What do you believe about California and its residents' ability to manage this current drought? What are some solutions to the problem?

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sciftw | High School Teacher | (Level 1) Educator Emeritus

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As a California resident, I am well aware of the current drought.  I believe that most Southern Californians are aware of it as well.  It's hard not be aware of it on some level though, since it is a frequent news story on TV, the subject of commercials, freeway ticker signs, and billboards.  Water bills are increasing as well, which is a monthly reminder to conserve as much as possible.  My own water company offered residents in my city $2 for every square foot of lawn that was replaced with something that doesn't need water.  

Despite all of these reminders to conserve, I still think that many California residents are not actively making much of a change to their water usage.  I believe that Californians are capable of managing the current drought, but I think much larger incentives need to be made.  

Possible solutions?  A facetious solution would be fewer people (Jonathan Swift's satirical essay "A Modest Proposal" went along similar lines).  That's not a legit solution though.  

One solution might be to plant more trees.  I know that sounds completely crazy, but a specific kind of evaporation that comes from plants is called transpiration.  More trees means more transpiration which means more water vapor in the air to condense and then precipitate.  Few people are going to buy into that though, so again, not a solid solution.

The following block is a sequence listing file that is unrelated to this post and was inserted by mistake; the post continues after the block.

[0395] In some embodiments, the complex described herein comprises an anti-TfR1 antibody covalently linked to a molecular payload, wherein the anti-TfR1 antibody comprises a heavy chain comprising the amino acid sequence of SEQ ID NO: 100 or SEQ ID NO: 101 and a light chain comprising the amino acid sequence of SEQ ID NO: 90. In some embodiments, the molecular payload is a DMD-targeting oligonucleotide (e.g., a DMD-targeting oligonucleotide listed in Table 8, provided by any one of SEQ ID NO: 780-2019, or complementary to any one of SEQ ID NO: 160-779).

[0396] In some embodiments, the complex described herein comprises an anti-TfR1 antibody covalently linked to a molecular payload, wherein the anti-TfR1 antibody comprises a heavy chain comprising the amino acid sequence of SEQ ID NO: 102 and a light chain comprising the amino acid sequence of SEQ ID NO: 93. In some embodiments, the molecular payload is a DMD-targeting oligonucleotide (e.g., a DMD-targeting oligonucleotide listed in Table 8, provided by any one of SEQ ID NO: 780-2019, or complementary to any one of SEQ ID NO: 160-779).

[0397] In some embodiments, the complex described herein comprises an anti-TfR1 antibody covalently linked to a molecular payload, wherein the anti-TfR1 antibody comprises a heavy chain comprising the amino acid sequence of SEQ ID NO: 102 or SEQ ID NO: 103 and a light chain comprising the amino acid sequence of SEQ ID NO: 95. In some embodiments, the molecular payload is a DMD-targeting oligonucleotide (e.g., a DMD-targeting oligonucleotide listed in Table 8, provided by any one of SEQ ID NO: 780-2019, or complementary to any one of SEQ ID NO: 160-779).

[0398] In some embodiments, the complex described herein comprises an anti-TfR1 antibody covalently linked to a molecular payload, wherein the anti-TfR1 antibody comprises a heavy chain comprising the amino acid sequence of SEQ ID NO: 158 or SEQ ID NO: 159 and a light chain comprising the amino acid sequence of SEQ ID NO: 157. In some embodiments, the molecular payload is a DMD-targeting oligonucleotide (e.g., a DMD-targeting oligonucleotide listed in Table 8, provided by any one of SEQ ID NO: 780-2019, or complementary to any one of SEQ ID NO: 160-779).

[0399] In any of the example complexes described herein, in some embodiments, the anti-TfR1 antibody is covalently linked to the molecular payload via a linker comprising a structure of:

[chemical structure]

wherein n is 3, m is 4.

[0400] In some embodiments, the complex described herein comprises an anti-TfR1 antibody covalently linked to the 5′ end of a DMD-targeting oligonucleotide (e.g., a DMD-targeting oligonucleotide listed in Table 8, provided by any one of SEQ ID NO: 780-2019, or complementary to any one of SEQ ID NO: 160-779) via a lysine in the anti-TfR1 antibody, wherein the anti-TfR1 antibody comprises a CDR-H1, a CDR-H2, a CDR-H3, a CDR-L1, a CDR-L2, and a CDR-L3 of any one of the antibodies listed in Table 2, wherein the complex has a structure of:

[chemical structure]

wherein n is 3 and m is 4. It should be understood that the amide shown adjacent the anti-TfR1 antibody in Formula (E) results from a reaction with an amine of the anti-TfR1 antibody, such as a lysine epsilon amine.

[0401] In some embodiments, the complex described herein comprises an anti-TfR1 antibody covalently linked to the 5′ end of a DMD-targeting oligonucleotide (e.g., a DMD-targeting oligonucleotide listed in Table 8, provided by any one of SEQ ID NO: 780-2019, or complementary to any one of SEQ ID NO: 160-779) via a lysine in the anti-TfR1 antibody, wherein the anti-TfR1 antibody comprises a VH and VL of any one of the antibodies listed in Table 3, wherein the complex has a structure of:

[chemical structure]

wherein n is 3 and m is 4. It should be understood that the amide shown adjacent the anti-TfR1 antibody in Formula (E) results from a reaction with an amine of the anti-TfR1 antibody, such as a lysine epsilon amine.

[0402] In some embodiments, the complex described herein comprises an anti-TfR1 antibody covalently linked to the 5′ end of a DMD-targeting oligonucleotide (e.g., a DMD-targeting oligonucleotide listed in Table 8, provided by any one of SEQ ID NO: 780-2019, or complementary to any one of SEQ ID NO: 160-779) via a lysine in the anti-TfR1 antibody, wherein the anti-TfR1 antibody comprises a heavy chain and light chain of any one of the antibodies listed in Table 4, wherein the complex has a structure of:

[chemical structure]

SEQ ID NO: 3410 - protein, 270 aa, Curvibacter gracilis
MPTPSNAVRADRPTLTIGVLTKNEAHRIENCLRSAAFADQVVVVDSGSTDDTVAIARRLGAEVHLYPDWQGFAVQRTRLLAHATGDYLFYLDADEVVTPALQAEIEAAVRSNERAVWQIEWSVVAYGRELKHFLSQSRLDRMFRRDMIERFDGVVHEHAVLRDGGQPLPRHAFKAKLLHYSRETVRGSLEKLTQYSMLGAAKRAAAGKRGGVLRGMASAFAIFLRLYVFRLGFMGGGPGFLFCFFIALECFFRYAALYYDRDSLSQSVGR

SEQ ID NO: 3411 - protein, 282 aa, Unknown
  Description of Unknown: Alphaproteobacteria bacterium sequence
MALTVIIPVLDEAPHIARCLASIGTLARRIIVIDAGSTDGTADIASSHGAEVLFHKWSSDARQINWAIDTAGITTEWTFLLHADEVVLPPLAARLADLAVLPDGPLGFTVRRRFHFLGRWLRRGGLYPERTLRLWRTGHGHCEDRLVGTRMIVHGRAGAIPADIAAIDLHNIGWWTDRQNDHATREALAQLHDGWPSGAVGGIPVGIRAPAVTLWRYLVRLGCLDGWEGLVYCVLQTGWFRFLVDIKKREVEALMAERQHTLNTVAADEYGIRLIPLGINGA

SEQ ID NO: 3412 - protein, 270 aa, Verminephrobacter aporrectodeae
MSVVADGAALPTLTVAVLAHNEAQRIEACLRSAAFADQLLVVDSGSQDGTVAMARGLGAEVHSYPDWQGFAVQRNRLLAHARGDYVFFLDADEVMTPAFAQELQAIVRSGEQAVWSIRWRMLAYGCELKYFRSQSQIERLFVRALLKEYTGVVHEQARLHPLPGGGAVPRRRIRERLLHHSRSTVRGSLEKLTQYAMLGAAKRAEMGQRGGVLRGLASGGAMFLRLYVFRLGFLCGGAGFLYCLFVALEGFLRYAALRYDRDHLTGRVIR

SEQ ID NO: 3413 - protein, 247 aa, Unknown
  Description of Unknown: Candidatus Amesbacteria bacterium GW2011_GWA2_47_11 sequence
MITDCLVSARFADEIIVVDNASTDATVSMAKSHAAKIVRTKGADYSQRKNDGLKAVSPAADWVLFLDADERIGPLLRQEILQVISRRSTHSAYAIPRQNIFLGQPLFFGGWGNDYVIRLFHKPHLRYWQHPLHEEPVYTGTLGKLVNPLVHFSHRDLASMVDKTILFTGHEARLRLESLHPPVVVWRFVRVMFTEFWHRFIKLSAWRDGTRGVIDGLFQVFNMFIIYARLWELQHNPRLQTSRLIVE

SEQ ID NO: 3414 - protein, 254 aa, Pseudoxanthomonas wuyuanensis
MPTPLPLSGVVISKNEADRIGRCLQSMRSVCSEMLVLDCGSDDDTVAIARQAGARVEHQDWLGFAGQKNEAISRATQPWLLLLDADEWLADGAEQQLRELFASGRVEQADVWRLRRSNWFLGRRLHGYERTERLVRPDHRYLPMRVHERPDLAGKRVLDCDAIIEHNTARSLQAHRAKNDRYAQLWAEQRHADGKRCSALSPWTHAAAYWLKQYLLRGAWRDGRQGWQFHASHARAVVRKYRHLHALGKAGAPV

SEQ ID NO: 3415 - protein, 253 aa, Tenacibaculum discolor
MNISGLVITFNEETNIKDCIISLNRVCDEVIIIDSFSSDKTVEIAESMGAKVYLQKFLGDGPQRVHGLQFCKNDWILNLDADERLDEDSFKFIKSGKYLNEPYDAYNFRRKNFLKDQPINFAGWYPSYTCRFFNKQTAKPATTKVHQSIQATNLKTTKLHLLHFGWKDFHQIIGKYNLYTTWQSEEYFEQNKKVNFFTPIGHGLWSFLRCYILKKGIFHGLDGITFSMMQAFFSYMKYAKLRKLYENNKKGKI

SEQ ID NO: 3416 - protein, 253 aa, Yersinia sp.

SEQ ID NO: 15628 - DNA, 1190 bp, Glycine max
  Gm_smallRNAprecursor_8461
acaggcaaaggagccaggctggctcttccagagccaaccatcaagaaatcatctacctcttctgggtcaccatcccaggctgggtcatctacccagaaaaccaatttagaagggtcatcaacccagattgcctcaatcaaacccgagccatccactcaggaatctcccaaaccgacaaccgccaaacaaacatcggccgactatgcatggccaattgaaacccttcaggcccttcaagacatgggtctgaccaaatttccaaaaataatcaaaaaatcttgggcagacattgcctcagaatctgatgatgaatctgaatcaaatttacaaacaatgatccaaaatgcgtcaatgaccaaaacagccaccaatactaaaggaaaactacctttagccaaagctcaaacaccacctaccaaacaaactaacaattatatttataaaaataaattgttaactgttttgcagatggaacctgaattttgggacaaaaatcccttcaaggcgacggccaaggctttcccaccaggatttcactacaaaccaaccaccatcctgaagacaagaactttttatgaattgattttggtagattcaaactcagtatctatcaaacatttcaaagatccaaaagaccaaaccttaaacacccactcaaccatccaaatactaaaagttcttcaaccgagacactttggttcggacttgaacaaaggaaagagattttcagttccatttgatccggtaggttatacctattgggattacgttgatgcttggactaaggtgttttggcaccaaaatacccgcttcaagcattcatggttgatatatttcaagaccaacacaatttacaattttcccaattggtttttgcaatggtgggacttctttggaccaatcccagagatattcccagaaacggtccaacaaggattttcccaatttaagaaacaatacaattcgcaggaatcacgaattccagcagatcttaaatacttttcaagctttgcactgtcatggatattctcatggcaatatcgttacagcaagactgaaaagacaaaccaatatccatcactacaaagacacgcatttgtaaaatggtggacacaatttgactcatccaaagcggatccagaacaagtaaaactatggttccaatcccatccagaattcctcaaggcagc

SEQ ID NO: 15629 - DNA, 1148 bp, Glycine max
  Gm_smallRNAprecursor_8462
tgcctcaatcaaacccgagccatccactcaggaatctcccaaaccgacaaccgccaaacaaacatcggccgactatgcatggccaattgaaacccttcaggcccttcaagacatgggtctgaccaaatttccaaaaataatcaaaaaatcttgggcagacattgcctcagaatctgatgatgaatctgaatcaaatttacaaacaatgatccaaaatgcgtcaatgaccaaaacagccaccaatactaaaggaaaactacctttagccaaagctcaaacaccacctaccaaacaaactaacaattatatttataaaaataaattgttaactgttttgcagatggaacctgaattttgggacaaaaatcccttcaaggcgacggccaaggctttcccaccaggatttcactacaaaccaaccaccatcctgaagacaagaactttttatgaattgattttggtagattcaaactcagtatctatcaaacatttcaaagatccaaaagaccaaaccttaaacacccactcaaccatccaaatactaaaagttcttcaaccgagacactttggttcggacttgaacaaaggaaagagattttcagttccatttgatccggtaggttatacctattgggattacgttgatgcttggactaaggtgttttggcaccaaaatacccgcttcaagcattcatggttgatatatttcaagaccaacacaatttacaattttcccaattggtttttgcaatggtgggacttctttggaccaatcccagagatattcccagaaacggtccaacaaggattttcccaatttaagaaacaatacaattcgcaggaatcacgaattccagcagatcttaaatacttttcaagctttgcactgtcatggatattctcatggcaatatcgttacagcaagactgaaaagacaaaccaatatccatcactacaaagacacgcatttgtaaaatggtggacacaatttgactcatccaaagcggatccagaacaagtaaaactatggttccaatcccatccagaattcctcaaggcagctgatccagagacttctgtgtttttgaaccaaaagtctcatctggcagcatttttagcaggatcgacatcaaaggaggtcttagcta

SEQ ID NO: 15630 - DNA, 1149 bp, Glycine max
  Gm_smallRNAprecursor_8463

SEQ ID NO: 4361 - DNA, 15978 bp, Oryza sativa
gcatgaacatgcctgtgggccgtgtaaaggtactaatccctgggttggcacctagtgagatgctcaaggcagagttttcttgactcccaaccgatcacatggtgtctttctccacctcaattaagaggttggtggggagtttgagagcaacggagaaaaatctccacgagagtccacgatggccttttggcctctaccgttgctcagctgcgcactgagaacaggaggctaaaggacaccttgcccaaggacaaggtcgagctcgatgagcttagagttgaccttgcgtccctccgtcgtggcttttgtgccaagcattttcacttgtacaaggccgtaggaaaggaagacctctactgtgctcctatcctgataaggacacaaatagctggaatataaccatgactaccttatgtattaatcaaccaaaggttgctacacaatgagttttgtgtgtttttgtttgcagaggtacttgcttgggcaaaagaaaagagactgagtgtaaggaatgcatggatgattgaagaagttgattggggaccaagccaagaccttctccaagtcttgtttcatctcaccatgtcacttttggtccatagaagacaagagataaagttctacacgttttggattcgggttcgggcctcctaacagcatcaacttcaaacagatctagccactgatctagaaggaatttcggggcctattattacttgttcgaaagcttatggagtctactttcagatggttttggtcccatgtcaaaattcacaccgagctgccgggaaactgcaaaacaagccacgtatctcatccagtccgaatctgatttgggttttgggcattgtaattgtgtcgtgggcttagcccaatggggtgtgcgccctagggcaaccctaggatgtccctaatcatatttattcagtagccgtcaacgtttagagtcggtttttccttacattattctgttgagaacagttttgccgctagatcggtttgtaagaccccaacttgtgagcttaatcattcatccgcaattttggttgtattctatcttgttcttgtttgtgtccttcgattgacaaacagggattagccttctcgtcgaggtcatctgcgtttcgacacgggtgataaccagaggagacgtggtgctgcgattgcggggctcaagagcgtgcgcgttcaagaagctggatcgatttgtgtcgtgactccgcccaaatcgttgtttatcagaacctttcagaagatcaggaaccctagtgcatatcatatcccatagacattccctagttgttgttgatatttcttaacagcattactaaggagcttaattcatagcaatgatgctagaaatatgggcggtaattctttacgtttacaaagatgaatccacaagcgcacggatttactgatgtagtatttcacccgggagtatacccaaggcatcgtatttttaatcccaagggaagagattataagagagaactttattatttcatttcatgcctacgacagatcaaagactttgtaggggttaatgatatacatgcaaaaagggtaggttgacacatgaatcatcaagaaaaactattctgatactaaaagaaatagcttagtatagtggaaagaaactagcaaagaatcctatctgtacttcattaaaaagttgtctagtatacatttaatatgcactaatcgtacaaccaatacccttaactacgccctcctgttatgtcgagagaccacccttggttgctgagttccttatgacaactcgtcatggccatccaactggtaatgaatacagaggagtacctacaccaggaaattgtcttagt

We could pipe it in from places that have extra water to spare, like the Great Lakes for example.  That's a lot of water being moved a long way, which is super expensive and a huge project. Some people have wildly suggested towing arctic ocean sea ice down to California.  Again, expensive and time consuming.  Plus it doesn't work for 12 months, and I'm sure environmentalists would have huge problems with it.  

A current working solution is recapturing water.  California recaptures and reuses a tremendous amount of waste water from sinks and showers.  It's taken to filtration plants where it is cleaned and pumped back into the grid.  It is not put back into the drinking supply but does go to things like public sprinklers.  California could ramp up its reclamation efforts.  

California is also fortunate to have a lot of ocean at its disposal.  Desalination is an option.  Many countries around the world do this.  Israel gets 40% of its water this way.  A problem with desalination though is that it is energy intensive.  It takes a lot of energy to filter that water or boil away the water to leave behind the salt.  

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